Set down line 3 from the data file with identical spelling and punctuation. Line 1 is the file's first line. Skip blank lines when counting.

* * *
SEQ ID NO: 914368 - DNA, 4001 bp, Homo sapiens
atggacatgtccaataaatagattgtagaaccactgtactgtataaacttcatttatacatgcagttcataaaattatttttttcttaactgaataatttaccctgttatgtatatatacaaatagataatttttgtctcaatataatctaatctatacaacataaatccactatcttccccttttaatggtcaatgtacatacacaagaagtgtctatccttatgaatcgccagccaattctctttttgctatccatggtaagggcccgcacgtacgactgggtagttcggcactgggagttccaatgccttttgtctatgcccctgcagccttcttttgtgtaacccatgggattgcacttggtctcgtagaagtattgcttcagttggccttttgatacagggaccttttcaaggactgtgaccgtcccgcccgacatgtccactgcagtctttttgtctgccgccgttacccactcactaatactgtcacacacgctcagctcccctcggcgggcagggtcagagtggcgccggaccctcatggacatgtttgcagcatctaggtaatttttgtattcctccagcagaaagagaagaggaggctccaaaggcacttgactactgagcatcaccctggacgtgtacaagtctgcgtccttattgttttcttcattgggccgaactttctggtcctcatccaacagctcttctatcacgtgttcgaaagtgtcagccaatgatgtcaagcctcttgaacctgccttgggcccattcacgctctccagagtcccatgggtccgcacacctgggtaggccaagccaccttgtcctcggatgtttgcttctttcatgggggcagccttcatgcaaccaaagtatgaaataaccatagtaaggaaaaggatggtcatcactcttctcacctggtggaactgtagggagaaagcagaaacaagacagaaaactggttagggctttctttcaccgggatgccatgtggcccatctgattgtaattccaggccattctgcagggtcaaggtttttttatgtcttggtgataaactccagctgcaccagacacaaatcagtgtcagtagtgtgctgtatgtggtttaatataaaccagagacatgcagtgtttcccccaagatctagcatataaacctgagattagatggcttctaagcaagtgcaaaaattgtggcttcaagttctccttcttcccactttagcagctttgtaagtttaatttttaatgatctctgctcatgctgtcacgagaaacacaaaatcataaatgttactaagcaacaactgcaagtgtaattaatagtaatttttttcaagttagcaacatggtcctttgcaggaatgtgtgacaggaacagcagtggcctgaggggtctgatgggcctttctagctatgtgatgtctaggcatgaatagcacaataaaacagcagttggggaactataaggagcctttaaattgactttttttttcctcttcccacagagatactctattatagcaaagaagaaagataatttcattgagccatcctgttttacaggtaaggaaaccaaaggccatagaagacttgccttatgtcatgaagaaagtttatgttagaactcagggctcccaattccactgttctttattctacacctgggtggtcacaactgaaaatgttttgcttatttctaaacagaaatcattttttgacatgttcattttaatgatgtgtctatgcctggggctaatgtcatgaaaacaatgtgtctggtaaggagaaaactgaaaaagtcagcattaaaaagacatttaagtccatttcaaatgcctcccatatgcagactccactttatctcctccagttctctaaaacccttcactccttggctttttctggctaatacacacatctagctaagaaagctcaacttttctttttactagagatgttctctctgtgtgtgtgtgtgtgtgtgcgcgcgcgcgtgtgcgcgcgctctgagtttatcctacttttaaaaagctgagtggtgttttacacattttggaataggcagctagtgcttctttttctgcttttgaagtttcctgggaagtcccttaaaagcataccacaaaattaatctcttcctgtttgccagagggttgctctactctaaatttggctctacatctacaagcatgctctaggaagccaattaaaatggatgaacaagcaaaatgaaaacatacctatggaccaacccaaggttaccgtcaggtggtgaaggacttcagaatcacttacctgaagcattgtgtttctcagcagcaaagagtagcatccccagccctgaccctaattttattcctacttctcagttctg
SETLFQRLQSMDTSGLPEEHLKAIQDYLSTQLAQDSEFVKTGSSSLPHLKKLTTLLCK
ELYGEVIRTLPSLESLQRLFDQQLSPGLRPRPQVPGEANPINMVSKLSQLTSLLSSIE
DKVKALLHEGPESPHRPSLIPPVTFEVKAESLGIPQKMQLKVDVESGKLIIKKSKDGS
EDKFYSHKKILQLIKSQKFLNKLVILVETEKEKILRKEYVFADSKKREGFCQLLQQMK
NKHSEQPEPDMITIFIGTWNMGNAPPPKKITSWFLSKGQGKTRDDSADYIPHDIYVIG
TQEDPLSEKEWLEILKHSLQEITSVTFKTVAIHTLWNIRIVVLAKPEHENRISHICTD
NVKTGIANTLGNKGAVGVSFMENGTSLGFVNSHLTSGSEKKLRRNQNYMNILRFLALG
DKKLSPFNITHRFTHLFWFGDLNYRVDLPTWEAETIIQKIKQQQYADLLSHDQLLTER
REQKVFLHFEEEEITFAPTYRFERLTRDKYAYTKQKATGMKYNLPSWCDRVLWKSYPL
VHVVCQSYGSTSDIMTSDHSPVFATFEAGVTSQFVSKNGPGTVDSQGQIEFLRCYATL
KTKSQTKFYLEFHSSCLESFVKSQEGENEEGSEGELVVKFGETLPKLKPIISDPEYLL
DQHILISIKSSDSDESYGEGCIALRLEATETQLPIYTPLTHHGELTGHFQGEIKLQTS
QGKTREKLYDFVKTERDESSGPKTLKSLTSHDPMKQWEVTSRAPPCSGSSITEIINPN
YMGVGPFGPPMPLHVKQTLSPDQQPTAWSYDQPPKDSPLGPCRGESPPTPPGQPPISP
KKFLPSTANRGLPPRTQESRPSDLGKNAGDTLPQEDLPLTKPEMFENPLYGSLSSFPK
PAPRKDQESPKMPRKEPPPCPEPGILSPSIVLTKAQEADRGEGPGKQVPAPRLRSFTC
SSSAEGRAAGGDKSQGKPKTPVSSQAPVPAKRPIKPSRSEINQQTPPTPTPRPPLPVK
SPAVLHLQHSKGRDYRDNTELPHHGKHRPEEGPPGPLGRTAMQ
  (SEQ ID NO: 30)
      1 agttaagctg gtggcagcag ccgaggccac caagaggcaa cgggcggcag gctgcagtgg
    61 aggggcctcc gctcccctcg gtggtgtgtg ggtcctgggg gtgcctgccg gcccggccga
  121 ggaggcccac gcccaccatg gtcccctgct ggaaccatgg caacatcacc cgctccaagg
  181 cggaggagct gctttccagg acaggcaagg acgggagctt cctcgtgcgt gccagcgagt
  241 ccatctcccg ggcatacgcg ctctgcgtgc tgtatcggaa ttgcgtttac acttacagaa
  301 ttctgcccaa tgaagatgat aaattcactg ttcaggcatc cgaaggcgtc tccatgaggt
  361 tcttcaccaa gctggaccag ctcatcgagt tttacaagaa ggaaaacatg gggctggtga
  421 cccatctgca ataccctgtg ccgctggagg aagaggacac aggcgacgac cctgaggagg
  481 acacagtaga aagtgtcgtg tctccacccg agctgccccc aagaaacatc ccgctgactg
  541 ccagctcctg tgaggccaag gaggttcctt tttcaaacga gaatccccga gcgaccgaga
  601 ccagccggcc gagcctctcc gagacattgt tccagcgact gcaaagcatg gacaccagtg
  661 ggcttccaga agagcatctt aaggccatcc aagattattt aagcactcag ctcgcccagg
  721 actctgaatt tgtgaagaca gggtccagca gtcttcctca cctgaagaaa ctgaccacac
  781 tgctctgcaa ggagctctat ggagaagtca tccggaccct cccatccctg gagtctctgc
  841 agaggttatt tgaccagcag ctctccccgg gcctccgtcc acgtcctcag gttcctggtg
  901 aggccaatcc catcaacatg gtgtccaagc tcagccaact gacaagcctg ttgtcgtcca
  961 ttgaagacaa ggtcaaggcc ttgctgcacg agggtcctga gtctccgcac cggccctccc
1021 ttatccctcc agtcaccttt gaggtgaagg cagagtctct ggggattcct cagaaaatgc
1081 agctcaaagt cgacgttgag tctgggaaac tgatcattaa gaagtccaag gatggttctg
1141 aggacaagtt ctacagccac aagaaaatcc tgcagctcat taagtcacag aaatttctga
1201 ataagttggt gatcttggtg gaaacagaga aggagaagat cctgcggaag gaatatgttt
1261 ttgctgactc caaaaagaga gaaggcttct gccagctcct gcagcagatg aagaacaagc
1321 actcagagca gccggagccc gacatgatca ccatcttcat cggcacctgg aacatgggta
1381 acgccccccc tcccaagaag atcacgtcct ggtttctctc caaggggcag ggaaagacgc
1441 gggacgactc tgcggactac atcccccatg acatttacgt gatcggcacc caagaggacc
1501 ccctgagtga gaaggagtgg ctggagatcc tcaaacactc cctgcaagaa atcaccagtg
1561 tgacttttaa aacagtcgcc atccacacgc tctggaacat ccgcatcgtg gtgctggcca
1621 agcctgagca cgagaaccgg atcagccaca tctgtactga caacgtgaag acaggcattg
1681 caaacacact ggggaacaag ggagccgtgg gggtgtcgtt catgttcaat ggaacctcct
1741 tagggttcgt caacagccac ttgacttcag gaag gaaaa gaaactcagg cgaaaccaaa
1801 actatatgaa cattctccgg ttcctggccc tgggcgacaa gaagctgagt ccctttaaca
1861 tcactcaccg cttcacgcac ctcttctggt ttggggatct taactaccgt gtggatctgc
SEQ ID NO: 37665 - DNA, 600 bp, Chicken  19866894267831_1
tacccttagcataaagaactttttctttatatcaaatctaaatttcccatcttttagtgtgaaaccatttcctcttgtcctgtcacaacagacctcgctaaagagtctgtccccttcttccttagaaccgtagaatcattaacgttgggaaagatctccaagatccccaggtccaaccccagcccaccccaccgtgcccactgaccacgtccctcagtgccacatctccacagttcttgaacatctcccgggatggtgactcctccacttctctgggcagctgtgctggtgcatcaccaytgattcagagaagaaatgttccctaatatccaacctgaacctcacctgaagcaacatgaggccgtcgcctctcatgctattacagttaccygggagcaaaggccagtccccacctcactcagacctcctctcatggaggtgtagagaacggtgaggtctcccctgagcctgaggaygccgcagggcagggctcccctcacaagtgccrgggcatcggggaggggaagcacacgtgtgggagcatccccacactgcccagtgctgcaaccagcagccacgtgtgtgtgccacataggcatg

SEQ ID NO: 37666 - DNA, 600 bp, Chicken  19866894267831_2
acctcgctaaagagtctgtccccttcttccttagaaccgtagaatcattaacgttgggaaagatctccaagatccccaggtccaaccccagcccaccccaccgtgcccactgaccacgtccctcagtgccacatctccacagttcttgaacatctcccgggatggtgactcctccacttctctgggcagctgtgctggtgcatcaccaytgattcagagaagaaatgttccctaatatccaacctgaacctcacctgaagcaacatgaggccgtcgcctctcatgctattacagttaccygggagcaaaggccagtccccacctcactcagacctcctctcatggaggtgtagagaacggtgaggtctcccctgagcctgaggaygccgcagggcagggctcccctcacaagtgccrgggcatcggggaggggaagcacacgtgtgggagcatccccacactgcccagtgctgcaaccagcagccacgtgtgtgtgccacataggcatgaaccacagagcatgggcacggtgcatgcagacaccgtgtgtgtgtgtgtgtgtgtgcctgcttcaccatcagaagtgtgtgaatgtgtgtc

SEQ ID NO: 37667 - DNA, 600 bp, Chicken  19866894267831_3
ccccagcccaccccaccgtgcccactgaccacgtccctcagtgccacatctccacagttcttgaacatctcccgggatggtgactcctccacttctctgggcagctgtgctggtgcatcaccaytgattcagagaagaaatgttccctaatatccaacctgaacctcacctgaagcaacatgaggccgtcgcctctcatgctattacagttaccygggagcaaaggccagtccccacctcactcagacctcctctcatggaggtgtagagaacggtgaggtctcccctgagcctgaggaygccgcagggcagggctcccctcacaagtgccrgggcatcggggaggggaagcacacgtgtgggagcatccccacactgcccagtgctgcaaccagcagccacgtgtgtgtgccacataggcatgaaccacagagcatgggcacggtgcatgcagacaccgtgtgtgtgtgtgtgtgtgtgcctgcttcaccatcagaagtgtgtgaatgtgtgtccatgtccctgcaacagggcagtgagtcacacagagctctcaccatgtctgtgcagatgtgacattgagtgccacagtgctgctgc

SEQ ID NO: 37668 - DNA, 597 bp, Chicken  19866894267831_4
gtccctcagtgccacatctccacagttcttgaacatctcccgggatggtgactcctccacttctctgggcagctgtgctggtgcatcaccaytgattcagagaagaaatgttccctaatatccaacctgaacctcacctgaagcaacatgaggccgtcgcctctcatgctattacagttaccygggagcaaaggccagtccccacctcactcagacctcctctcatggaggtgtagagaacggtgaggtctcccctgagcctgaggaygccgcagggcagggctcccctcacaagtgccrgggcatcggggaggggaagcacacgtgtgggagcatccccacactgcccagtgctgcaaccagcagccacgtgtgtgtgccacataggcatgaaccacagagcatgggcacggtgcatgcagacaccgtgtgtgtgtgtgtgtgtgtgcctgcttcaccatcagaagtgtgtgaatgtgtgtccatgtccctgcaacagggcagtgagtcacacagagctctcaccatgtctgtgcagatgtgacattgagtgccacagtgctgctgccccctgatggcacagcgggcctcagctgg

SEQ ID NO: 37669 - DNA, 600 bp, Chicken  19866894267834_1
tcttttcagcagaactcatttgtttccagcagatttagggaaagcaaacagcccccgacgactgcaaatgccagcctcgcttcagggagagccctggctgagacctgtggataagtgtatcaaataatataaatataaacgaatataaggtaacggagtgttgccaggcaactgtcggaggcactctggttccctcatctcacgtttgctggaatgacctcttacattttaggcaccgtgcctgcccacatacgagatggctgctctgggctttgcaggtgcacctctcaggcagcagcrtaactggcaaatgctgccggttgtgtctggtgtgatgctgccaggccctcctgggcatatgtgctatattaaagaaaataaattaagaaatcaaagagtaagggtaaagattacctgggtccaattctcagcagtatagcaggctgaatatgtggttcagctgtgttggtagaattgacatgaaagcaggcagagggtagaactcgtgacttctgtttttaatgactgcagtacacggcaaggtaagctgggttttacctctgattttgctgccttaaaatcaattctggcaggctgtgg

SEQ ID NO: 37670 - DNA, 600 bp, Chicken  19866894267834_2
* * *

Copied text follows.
SETLFQRLQSMDTSGLPEEHLKAIQDYLSTQLAQDSEFVKTGSSSLPHLKKLTTLLCK